And would impeachment proceedings really force Americans to focus on sins of Trump’s that are being ignored? That’s long been one of Democrats’ arguments for impeachment, but I wonder. There has been such saturation coverage of Trump that many voters may not be able to stomach it any more, and today’s political tribalism doesn’t allow for all that much in the way of epiphanies and transformations. Trump’s true colors were conspicuous from the start. You either saw a perverse rainbow or you stared into darkness.

Meanwhile, Trump. How rattled would he be by drawn-out impeachment proceedings and what would he do? He’s capable of anything. Maybe it’s not just a culture war that he’d whip up. Maybe it’s the real thing.

Certainly he’d toil to persuade Americans of the nefariousness of Democrats, and absolutely his strategy would be to smear the people, the procedures and the institutions arrayed against him as utterly unworthy of trust. If holding on to power meant ruling over rubble, so be it. Trump is beholden only to Trump, and he’d simply declare the rubble gold dust.

The Problem Of Americans Lacking Trust In The US President (Syrian Attack)

The chemical weapon attacks on the Province of Idlib on Tuesday, followed by the U.S. attacks on Shayrat air base in Syria on Thursday night, have stirred many theories, much controversy, and have sent those of us who demand answers scurrying to find answers to the many questions that are yet unanswered. My friend Gronda has positied her own thoughts, as well as others whose theories may be slightly different. What and why do we question? As Gronda says in her opening sentence, “It is sad when too many Americans don’t trust the republican President Donald Trump and the government he has created.” It is sad, indeed, but almost nobody other than his die-hard supporters believe what we are told by the Trump regime. Please read Gronda’s astute comments, thoughts, and reflections, and think about what this may mean for the future of U.S. foreign policy. Thank you, Gronda, for a very thought-provoking post!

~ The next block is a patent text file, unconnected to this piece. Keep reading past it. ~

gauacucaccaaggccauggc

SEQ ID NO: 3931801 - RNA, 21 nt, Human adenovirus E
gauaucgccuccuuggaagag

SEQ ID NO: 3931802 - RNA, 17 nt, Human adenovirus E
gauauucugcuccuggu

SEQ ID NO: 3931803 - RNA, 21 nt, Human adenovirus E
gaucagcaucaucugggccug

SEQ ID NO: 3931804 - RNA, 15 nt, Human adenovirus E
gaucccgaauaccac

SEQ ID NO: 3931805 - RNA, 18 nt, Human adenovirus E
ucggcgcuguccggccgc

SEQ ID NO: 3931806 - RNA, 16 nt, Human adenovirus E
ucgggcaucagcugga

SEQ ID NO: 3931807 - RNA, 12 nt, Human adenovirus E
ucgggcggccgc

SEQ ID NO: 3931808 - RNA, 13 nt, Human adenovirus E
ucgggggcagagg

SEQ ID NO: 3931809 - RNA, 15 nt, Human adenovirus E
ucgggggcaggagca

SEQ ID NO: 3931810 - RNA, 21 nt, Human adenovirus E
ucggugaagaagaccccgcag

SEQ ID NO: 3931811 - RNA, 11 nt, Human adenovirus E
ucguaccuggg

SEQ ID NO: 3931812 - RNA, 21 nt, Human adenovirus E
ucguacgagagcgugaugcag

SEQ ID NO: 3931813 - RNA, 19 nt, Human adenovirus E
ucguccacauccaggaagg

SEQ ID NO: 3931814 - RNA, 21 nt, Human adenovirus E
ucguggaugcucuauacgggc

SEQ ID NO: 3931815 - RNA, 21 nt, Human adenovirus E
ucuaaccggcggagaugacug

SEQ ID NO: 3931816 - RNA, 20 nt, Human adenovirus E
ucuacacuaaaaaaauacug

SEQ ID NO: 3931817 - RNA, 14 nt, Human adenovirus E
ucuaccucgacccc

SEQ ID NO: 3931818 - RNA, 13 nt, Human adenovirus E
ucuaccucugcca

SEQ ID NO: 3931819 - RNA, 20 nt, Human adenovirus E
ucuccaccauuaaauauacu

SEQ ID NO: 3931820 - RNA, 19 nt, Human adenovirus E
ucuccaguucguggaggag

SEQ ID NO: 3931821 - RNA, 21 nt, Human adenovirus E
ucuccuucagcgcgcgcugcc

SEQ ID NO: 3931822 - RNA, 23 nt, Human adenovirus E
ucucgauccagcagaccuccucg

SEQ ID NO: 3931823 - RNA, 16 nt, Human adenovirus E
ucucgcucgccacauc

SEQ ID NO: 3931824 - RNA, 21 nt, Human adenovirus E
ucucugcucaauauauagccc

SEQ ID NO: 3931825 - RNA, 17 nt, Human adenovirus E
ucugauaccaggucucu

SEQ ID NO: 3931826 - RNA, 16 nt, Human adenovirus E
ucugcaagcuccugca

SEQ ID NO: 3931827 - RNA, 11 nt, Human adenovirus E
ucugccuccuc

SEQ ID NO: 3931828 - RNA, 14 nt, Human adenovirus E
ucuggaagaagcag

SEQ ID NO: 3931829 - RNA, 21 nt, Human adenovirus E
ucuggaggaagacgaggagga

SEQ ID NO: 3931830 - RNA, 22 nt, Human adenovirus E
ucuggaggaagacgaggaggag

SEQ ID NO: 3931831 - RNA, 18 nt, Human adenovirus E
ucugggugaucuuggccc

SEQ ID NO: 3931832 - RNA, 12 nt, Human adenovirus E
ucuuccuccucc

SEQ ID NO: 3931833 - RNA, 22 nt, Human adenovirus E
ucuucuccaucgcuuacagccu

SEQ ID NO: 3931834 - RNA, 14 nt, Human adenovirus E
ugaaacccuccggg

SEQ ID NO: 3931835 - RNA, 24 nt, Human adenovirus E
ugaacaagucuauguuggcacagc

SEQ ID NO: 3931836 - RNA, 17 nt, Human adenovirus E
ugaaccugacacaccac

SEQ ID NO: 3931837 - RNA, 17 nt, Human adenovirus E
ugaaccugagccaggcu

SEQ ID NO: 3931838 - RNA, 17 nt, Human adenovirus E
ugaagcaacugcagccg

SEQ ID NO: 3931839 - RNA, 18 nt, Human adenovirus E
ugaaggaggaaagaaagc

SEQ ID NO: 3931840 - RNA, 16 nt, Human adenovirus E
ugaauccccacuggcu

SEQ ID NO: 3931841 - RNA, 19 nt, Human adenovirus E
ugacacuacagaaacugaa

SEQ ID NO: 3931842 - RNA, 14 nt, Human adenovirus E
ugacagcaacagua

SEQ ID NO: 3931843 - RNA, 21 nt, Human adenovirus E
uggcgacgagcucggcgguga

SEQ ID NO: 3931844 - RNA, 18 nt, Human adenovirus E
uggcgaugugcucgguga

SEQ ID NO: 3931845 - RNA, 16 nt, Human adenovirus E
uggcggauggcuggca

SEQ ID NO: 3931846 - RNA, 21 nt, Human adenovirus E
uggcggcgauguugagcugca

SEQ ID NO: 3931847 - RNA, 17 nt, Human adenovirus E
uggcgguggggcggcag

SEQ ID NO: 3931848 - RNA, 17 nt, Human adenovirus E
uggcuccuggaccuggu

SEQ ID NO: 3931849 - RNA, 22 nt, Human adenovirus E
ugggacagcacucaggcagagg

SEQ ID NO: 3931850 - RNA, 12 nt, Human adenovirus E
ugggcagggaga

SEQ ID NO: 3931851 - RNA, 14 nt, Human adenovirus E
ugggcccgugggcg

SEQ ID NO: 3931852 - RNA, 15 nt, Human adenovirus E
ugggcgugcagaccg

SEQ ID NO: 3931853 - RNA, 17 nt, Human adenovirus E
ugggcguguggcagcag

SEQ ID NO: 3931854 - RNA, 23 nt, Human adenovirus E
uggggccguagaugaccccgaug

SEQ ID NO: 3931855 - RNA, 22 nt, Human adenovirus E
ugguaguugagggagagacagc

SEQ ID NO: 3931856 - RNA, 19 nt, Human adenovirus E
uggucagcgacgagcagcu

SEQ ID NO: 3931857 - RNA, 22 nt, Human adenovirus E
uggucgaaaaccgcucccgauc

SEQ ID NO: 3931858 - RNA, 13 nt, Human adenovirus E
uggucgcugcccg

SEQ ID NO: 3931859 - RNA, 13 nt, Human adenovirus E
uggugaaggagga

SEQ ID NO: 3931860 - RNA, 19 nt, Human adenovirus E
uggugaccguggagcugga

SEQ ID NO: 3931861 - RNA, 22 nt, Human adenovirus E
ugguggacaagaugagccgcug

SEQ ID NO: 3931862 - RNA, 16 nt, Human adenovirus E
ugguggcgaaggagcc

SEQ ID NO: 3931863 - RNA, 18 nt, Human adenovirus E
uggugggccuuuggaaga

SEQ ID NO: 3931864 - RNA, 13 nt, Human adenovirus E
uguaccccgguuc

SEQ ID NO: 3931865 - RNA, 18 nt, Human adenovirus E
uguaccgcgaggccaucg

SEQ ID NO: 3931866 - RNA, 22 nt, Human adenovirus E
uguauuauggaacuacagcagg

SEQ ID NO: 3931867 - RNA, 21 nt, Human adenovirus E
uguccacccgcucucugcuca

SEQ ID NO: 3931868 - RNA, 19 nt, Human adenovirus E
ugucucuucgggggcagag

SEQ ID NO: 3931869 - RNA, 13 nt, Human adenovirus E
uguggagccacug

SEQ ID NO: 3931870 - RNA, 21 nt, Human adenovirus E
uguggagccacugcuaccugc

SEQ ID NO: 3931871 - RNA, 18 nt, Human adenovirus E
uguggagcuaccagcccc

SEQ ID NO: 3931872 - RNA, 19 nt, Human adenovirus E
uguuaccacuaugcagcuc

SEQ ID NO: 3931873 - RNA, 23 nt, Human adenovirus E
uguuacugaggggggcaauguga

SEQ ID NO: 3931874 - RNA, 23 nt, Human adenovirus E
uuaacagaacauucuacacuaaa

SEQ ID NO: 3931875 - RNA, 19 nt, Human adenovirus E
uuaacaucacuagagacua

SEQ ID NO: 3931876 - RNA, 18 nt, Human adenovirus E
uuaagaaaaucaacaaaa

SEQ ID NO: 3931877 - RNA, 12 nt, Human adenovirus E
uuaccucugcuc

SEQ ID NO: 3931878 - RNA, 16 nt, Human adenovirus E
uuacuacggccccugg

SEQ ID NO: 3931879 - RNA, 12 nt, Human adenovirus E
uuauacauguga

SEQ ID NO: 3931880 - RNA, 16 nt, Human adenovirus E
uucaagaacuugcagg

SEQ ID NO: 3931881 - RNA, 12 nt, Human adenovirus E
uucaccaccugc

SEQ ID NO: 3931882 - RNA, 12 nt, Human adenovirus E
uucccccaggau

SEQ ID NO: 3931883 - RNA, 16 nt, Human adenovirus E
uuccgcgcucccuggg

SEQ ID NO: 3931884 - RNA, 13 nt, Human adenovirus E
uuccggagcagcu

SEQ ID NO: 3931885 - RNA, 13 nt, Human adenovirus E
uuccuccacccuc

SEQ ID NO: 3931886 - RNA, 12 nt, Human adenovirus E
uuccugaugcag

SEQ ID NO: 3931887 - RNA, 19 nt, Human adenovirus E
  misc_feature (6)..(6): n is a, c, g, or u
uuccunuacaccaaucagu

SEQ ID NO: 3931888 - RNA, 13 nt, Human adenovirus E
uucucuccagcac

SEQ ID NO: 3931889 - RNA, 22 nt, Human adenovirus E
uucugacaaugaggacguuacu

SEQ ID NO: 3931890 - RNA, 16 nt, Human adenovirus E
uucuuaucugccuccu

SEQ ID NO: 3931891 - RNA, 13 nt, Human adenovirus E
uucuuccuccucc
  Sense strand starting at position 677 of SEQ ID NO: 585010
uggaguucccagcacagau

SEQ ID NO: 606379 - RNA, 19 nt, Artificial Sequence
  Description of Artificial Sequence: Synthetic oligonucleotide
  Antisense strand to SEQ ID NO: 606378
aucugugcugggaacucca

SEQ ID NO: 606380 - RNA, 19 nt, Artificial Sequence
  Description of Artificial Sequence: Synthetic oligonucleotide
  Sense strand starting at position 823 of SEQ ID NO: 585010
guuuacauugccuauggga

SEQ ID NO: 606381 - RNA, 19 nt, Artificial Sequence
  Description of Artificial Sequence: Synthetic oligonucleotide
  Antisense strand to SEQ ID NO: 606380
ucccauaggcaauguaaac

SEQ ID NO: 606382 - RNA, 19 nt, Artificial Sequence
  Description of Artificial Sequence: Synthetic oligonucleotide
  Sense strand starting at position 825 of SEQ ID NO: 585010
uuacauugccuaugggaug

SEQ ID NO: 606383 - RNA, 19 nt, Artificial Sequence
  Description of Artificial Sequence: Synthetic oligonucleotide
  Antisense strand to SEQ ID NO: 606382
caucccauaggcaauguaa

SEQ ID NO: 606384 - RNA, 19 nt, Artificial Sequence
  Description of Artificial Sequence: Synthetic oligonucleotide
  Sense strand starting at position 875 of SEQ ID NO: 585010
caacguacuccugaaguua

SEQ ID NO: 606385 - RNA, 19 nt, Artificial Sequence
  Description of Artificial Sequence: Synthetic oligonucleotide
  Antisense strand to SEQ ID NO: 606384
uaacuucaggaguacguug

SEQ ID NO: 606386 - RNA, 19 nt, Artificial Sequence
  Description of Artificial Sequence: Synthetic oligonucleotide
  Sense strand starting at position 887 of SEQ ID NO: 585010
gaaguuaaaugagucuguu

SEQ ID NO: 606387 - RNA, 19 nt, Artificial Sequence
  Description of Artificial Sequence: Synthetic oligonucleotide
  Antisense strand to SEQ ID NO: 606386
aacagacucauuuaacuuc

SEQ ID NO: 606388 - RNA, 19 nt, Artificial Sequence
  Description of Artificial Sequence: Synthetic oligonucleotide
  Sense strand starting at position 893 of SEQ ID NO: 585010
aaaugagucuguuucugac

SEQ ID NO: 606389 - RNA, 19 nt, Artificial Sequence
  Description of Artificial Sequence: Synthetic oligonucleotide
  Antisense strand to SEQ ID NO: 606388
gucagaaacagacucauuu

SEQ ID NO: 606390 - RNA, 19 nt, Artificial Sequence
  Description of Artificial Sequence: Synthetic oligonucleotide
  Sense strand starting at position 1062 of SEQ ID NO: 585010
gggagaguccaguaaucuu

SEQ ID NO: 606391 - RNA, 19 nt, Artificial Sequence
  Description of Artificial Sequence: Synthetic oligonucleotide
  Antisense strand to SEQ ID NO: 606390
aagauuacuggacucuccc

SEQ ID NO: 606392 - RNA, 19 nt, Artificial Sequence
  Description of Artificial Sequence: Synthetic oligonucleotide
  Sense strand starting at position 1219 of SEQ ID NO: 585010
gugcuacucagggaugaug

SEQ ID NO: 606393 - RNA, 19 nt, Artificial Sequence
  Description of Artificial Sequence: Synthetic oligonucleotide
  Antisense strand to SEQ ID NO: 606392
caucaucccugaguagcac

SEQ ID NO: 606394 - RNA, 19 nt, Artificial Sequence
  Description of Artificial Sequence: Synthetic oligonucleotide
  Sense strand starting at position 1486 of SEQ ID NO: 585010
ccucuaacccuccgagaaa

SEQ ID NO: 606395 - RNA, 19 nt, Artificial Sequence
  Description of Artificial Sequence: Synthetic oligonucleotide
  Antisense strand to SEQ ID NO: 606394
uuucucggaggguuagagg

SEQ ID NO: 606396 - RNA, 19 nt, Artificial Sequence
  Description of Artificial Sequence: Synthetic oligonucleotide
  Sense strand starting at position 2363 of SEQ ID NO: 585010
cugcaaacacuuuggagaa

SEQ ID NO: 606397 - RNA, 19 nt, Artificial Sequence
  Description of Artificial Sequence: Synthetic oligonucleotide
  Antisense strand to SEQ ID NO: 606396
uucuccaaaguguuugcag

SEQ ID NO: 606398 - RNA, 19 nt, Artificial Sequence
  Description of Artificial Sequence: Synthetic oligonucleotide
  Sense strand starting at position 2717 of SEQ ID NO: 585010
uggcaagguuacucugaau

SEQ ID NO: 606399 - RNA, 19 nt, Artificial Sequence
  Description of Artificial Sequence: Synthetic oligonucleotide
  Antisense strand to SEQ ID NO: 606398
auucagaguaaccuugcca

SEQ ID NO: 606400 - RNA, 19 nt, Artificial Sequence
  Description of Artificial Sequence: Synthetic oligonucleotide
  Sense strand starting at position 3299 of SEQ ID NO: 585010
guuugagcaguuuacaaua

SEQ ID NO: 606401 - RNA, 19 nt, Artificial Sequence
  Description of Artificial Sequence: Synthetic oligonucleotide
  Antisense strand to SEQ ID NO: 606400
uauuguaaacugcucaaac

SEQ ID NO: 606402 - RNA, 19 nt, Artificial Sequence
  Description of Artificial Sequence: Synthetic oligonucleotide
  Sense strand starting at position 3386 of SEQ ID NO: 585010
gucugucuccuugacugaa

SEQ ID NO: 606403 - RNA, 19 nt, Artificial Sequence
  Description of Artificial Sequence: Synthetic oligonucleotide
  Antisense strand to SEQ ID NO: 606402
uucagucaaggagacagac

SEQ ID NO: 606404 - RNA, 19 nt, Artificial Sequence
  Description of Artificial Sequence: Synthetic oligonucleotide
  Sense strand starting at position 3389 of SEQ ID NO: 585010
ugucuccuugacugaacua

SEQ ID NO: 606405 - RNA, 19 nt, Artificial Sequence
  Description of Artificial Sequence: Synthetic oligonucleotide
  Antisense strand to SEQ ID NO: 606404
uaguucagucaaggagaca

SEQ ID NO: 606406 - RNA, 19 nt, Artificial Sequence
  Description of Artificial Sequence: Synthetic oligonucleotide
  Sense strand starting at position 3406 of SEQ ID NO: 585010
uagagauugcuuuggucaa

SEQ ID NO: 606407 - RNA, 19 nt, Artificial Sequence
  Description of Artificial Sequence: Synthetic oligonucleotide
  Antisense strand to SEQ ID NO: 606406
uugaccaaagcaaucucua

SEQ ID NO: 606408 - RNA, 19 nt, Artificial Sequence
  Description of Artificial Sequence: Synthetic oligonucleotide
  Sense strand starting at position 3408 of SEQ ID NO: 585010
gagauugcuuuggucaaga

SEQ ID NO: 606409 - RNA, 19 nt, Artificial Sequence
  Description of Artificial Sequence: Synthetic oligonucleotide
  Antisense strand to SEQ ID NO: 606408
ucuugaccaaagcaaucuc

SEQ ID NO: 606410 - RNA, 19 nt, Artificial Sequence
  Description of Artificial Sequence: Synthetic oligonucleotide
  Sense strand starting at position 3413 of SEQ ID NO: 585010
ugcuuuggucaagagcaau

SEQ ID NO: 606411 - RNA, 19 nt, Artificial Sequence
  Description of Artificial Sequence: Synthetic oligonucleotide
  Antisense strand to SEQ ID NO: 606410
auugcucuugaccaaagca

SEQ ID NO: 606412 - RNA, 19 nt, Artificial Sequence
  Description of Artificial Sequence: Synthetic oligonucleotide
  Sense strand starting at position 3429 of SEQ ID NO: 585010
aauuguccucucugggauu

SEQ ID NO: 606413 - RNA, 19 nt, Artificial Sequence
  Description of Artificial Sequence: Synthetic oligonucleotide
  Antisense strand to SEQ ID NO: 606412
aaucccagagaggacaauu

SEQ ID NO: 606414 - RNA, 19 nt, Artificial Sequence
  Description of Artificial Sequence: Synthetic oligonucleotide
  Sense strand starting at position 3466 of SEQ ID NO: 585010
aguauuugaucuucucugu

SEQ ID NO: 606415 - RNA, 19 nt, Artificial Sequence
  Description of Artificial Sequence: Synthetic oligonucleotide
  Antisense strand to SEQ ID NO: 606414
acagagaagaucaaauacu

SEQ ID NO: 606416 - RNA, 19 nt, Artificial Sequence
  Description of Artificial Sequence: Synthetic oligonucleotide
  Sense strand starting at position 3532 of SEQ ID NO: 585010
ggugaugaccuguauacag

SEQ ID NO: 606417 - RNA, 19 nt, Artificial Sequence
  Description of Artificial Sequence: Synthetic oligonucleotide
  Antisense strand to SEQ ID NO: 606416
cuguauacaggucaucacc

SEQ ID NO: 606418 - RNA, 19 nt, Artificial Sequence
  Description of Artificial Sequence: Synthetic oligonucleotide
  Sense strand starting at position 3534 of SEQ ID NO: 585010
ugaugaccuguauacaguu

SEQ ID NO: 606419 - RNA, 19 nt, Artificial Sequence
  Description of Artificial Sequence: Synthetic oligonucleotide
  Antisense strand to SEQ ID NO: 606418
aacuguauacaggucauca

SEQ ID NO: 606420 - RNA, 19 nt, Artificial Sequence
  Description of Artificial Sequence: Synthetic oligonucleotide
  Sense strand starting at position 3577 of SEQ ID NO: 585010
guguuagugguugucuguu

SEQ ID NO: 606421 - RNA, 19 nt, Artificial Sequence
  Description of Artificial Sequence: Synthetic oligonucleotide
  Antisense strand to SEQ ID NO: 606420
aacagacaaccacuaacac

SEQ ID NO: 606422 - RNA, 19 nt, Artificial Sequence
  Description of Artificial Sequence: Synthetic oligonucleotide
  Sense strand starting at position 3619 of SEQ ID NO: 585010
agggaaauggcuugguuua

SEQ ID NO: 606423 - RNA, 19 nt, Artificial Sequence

Gronda Morin

Related imageIt is sad when too many Americans don’t trust the republican President Donald Trump and the government he has created.

If he does something right, it is assumed that it was by accident or that someone was playing him or that he is up to no good. There has to be an ulterior motive, somewhere. And any or all of the above could be true.

In this case, I simply do not want to believe the “wag the dog” theories because I genuinely am convinced that our president took the right tact in ordering a swift and limited military response to the Syrian military’s recent sarin gas attack on its own citizenry. But unfortunately there are these nagging doubts which keep seeping into my consciousness.  I am truly conflicted over all of these events having to do with the past week’s events in Syria.

A child receives treatment Tuesday at an Idlib province hospital after a suspected chemical attack. I have been putting some thought to this…